Tom Leininger on Gilbert Plantinga
This week Lenscratch is on vacation and I have asked a variety of photographers from across the country to contribute. Texas photographer, Tom Leininger, recently attended Review Santa Fe (congrats!) and discovered the work of Gilbert Plantinga. Tom has a host of great projects on his own site, and I featured work from his series, Kinderlife, on Fraction Magazine last year.
By Tom Leininger
I met Gilbert Plantinga this past June when we both participated in Review Santa Fe. We chatted in the lobby briefly and that night I looked up his work on Center’s website. His Route 28 work resonated with me due to familiarity. I grew up in upstate New York, and even though it has been some time since I have been back, it was landscape I understrood. His work reminds me of the work of the New Topographics photographers. It is the man made and man abandoned landscape that he is dealing with. I live in North Texas now and I find the Yankee landscape a bit claustrophobic. This reaction is specific to me. I am used to seeing a lot of sky and open space when I take in my current landscape. This feeling comes to me when looking at this work. It is not a critique of the photographs, but a feeling that comes to me hand in hand with nostalgia.
Returning to Plantinga’s images I was struck by the series Work in Search of a Body. There is a randomness to the series that tells me this was the starting point for his other work. The idea of early work fascinates me, because it is raw and not fully formed. I emailed him and asked how this work fits with his other series and what it is that stops him when searching for pictures. This is a part of his answer:
The first few pictures were some of the first I made when I started working in large format. I was just getting familiar with how the camera worked. The Route 28 project grew out of this work as a way of delimiting the problem of what to photograph. Though the idea is not original, I think of picture making as a struggle between content and form, or in more pragmatic terms what to photograph and how to photograph it. In this work the content part was simple: I was interested in architecture, just any old architecture in fact. After years of photographing people in the street, I needed to photograph buildings because they didn’t move. Light often had a lot to do with it….And there were some themes that ran through the work: I was interested in how people spent their leisure time and how that might have changed. So I photographed Parksville, which had been a Borscht Belt resort town and the Red Apple Rest, which was the “are we there yet” stop on the way to the Borscht Belt. I photographed gas stations, hunting camps and ice cream stands. And churches, artists have been drawing, painting and photographing churches forever. Sometimes there is a back story, though I don’t always know it until after the fact.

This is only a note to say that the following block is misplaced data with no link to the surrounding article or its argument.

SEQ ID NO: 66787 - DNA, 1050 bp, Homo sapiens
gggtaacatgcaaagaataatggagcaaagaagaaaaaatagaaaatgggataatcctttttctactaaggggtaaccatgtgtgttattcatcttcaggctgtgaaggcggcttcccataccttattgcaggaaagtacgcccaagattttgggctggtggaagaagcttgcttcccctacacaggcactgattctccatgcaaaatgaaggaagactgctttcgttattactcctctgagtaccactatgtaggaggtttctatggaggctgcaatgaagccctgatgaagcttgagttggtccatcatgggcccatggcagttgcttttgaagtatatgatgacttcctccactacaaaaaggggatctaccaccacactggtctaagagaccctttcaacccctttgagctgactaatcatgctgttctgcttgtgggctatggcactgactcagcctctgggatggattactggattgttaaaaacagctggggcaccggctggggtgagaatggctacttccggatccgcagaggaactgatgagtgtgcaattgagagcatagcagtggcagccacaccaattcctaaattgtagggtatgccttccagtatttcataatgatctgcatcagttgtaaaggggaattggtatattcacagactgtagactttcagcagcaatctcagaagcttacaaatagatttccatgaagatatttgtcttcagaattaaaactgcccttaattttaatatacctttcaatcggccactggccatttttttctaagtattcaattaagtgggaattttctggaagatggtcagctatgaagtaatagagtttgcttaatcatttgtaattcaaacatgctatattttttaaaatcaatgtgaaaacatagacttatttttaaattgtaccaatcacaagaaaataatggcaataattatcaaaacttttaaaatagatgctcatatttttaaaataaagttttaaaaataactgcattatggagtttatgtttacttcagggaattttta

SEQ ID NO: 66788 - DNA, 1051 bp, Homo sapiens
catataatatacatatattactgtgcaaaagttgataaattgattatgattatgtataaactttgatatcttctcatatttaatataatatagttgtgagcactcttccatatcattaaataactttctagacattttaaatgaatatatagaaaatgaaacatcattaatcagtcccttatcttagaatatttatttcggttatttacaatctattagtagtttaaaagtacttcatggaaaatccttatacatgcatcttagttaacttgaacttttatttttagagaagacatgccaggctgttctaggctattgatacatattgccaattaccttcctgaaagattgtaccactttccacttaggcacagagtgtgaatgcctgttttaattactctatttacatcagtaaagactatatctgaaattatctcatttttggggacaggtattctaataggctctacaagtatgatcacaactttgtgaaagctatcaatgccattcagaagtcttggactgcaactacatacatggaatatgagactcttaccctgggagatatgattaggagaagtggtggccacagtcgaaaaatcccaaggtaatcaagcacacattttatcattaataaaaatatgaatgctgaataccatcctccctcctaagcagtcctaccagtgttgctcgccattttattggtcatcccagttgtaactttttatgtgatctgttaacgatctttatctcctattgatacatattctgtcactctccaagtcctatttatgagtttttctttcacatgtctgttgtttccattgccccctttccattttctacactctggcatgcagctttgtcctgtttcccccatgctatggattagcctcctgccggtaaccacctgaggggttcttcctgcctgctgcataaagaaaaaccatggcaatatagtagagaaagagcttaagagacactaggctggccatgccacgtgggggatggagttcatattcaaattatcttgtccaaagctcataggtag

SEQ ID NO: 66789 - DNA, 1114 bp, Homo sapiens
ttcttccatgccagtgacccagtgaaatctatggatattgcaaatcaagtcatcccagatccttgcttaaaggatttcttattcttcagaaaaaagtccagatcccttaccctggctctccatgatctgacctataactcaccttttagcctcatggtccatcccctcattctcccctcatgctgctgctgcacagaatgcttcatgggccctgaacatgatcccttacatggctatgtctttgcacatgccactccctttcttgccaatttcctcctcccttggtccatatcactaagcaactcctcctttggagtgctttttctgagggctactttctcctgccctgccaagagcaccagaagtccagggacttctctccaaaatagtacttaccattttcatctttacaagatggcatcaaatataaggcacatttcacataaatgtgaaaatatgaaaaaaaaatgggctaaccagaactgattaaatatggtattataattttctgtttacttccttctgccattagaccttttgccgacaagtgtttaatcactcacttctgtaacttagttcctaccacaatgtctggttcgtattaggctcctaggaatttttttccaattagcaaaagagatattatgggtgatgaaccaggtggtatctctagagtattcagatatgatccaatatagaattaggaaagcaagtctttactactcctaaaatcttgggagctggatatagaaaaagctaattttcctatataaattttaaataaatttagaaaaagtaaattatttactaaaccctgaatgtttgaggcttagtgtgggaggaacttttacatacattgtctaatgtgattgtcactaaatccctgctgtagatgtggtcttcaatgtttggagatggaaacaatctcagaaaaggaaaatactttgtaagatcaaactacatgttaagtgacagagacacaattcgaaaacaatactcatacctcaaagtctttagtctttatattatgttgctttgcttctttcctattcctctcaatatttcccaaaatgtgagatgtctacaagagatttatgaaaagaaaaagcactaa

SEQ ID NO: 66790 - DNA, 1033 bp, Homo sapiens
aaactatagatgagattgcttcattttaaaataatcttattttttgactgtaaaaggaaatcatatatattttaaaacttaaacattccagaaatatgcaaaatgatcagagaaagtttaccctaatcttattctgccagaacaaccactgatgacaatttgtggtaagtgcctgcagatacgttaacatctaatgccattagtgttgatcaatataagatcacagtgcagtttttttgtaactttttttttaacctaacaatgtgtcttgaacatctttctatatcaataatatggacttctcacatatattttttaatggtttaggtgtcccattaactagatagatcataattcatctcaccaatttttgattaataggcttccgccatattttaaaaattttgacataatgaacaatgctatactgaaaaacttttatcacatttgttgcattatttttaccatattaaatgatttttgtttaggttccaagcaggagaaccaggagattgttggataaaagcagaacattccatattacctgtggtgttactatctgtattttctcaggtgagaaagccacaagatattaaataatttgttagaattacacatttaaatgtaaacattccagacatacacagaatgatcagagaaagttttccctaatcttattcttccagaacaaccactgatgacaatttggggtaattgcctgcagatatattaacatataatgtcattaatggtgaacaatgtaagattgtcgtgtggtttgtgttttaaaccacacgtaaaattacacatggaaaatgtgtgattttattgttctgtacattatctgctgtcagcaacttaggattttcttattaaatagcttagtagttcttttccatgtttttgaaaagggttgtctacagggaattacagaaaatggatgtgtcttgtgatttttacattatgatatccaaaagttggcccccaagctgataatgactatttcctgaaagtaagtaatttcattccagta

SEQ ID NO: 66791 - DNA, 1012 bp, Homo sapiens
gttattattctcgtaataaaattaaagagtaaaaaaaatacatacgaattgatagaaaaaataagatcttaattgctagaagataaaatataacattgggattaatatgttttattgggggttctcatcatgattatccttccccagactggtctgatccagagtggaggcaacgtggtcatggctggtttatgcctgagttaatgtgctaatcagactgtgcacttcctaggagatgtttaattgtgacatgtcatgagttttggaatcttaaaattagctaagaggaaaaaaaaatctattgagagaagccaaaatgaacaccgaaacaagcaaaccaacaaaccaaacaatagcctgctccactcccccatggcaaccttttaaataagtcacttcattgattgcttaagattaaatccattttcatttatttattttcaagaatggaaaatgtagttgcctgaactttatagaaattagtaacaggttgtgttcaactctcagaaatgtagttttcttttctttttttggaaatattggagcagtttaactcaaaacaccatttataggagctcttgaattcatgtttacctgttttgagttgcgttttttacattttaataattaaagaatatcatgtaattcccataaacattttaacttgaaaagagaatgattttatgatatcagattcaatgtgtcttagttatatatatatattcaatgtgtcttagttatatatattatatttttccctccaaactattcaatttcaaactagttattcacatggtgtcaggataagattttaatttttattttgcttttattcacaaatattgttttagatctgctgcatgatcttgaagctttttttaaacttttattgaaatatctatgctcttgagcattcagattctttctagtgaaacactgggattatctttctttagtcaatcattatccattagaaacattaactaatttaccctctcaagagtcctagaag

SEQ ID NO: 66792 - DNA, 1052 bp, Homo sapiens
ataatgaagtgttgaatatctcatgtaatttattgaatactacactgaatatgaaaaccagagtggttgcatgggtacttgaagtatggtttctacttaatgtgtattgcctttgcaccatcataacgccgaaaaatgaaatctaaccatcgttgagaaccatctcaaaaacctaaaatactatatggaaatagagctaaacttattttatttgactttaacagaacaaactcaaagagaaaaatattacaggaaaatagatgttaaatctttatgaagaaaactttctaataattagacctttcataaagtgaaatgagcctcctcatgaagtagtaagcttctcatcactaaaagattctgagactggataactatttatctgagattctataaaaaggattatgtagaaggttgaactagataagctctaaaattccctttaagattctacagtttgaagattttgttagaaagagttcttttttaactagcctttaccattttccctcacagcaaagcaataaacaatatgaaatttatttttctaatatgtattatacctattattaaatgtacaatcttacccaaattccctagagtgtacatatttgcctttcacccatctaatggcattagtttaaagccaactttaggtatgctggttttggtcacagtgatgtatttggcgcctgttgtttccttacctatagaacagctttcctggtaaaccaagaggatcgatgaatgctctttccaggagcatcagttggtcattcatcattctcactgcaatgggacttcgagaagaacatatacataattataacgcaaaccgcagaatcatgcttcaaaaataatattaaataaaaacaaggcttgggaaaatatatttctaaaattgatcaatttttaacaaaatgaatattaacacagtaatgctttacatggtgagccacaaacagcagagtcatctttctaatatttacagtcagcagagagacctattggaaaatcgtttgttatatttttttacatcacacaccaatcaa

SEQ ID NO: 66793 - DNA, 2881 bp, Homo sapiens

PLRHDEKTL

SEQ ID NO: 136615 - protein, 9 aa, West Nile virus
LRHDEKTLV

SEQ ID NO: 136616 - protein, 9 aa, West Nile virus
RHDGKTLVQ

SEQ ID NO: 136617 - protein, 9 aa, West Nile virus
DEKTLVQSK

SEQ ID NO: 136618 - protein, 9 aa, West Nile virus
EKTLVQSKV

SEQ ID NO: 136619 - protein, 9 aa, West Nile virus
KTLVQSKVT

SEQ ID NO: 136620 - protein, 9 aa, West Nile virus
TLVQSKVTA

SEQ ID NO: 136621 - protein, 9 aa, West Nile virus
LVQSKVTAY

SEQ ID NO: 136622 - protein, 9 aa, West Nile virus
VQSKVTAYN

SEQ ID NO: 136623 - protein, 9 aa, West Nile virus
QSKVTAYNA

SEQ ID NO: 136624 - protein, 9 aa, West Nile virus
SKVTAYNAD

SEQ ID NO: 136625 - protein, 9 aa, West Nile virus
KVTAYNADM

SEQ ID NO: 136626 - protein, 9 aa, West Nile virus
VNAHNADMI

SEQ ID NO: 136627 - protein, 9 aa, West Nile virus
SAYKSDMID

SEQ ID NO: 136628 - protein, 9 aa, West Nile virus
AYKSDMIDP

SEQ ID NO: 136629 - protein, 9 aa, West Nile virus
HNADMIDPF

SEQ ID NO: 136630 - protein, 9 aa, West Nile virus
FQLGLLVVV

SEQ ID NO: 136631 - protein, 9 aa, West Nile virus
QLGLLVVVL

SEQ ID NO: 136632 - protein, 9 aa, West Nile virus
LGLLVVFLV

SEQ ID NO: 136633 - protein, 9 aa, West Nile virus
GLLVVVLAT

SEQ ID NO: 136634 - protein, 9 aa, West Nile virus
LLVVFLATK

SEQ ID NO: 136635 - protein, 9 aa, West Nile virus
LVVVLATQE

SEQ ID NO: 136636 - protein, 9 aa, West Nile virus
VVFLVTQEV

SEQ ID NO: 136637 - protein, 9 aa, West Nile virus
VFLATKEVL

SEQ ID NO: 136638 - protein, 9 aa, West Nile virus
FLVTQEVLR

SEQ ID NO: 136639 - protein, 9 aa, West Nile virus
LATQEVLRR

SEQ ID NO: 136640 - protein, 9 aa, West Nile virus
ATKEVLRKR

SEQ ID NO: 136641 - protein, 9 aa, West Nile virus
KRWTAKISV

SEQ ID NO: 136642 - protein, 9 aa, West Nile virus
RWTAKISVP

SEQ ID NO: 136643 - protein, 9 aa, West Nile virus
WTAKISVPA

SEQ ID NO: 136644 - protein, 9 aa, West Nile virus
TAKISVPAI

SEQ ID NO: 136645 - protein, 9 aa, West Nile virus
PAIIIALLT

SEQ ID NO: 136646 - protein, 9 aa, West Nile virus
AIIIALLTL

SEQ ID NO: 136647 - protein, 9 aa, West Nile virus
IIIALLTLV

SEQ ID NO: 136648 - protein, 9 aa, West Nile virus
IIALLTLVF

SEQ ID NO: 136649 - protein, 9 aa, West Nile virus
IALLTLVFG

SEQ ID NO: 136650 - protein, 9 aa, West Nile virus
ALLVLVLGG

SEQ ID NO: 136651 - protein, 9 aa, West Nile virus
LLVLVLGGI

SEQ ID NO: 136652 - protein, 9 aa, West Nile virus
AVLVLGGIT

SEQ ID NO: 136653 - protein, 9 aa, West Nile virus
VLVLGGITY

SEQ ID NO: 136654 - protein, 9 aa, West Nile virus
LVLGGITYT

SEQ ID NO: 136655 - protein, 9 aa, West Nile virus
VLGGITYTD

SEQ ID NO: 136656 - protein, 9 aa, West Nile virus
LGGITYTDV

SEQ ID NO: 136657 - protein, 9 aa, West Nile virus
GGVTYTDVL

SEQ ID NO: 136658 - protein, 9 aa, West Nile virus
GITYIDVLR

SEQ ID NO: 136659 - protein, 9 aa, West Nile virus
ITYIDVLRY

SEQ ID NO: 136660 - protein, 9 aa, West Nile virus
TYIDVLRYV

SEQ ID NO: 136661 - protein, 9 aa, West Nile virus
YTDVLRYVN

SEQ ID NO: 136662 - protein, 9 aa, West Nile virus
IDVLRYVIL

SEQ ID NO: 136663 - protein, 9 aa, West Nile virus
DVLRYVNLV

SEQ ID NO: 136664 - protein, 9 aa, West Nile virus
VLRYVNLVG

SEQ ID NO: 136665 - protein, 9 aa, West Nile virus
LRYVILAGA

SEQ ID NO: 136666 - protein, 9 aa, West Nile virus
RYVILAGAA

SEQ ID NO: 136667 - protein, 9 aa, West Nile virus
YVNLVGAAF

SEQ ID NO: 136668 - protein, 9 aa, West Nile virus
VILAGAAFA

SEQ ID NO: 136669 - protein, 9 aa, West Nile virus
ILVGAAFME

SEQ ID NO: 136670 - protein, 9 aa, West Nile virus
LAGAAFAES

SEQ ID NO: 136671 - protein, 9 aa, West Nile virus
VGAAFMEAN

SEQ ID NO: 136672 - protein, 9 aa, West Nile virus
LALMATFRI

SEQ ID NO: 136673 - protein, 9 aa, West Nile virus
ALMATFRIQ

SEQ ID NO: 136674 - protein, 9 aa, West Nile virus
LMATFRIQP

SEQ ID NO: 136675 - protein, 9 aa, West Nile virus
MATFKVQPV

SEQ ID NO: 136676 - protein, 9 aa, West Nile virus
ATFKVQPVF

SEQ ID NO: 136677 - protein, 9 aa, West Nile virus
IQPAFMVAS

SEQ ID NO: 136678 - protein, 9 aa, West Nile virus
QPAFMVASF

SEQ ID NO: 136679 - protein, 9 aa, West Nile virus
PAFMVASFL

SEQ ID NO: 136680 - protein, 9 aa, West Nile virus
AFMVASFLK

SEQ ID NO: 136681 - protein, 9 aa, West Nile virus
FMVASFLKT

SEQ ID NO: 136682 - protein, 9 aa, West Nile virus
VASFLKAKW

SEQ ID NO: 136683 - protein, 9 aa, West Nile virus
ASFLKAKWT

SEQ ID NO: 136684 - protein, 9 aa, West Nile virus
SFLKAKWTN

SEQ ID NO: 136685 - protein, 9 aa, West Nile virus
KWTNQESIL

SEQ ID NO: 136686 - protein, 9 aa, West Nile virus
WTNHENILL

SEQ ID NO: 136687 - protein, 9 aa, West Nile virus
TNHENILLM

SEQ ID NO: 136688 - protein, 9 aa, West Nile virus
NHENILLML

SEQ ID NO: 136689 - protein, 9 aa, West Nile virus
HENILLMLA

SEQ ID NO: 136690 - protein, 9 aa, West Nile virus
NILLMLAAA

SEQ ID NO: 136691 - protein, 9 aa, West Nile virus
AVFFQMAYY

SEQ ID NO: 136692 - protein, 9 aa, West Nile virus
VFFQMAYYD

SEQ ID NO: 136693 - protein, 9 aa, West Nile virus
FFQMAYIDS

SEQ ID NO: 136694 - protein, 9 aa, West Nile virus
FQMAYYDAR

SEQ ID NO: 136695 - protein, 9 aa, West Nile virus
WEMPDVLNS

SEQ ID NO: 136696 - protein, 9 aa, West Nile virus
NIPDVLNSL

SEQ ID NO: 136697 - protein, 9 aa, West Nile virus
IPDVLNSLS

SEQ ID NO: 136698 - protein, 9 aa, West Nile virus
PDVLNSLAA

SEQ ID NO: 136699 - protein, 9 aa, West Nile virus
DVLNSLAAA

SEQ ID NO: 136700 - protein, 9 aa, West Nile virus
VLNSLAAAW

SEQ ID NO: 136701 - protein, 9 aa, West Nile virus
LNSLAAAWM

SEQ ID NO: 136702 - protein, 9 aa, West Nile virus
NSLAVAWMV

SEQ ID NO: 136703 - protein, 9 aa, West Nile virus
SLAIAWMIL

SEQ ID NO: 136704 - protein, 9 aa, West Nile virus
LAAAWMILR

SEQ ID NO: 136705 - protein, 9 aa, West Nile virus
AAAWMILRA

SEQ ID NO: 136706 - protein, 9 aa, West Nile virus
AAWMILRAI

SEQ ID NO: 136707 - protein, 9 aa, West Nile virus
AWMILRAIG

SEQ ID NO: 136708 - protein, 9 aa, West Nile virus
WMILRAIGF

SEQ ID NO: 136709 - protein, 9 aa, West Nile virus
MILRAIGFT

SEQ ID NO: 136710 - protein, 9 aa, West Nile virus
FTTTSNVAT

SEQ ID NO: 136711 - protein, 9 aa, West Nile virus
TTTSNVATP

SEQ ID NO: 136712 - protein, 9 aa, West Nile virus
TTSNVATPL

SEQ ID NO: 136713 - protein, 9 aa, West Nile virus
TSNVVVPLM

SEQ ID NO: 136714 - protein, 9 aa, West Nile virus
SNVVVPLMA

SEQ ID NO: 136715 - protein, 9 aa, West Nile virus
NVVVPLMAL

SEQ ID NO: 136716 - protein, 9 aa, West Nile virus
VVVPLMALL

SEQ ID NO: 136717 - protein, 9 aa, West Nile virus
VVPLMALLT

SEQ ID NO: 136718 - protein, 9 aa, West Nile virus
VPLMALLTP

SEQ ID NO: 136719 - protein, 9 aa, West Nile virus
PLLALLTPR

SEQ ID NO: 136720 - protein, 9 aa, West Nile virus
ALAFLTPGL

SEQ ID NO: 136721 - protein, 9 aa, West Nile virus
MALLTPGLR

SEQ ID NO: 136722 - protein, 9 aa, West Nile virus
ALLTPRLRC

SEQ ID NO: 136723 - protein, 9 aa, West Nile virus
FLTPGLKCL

So as I said, the Route 28 project grew out of this work, or more precisely these pictures were excluded from my portfolio after Route 28 became a unifying theme for the work in search of a body. But having spent over two years photographing along Route 28 I began to learn why I was interested in architecture as cultural landscape. It turns out that people believe the craziest things, things which aren’t necessarily true, but form the emotional basis of their cultural values. Before the ’08 election I read an essay by Jonathan Haidt, What makes people vote Republican? Haidt is a social psychologist whose work is in the field of moral psychology, and he argues that the answer to his question is emotional, that by extension it lies in the non-verbal, non-rational limbic system in the brain. Having found that it might not be wise to try to discuss politics while photographing some-one’s house from the (public right-of-way) roadside, it occurred to me that perhaps the way to reach down into that limbic brain would be through the non-verbal communication of pictures. But I doubt they’ll see it that way either.
So now I’m out there making pictures that are specifically about people’s cultural beliefs and orientations, the more bizarre the better. There is the world’s largest Uncle Sam – 38 feet. And he hangs out with Santa.
During one of the breaks we had at the review I was out walking in downtown Santa Fe. It was getting toward the later warm light New Mexico is known for. Gilbert was out with his camera making images and taking advantage of the light. That said more to me about what kind of photographer he is more than these brief words can describe.
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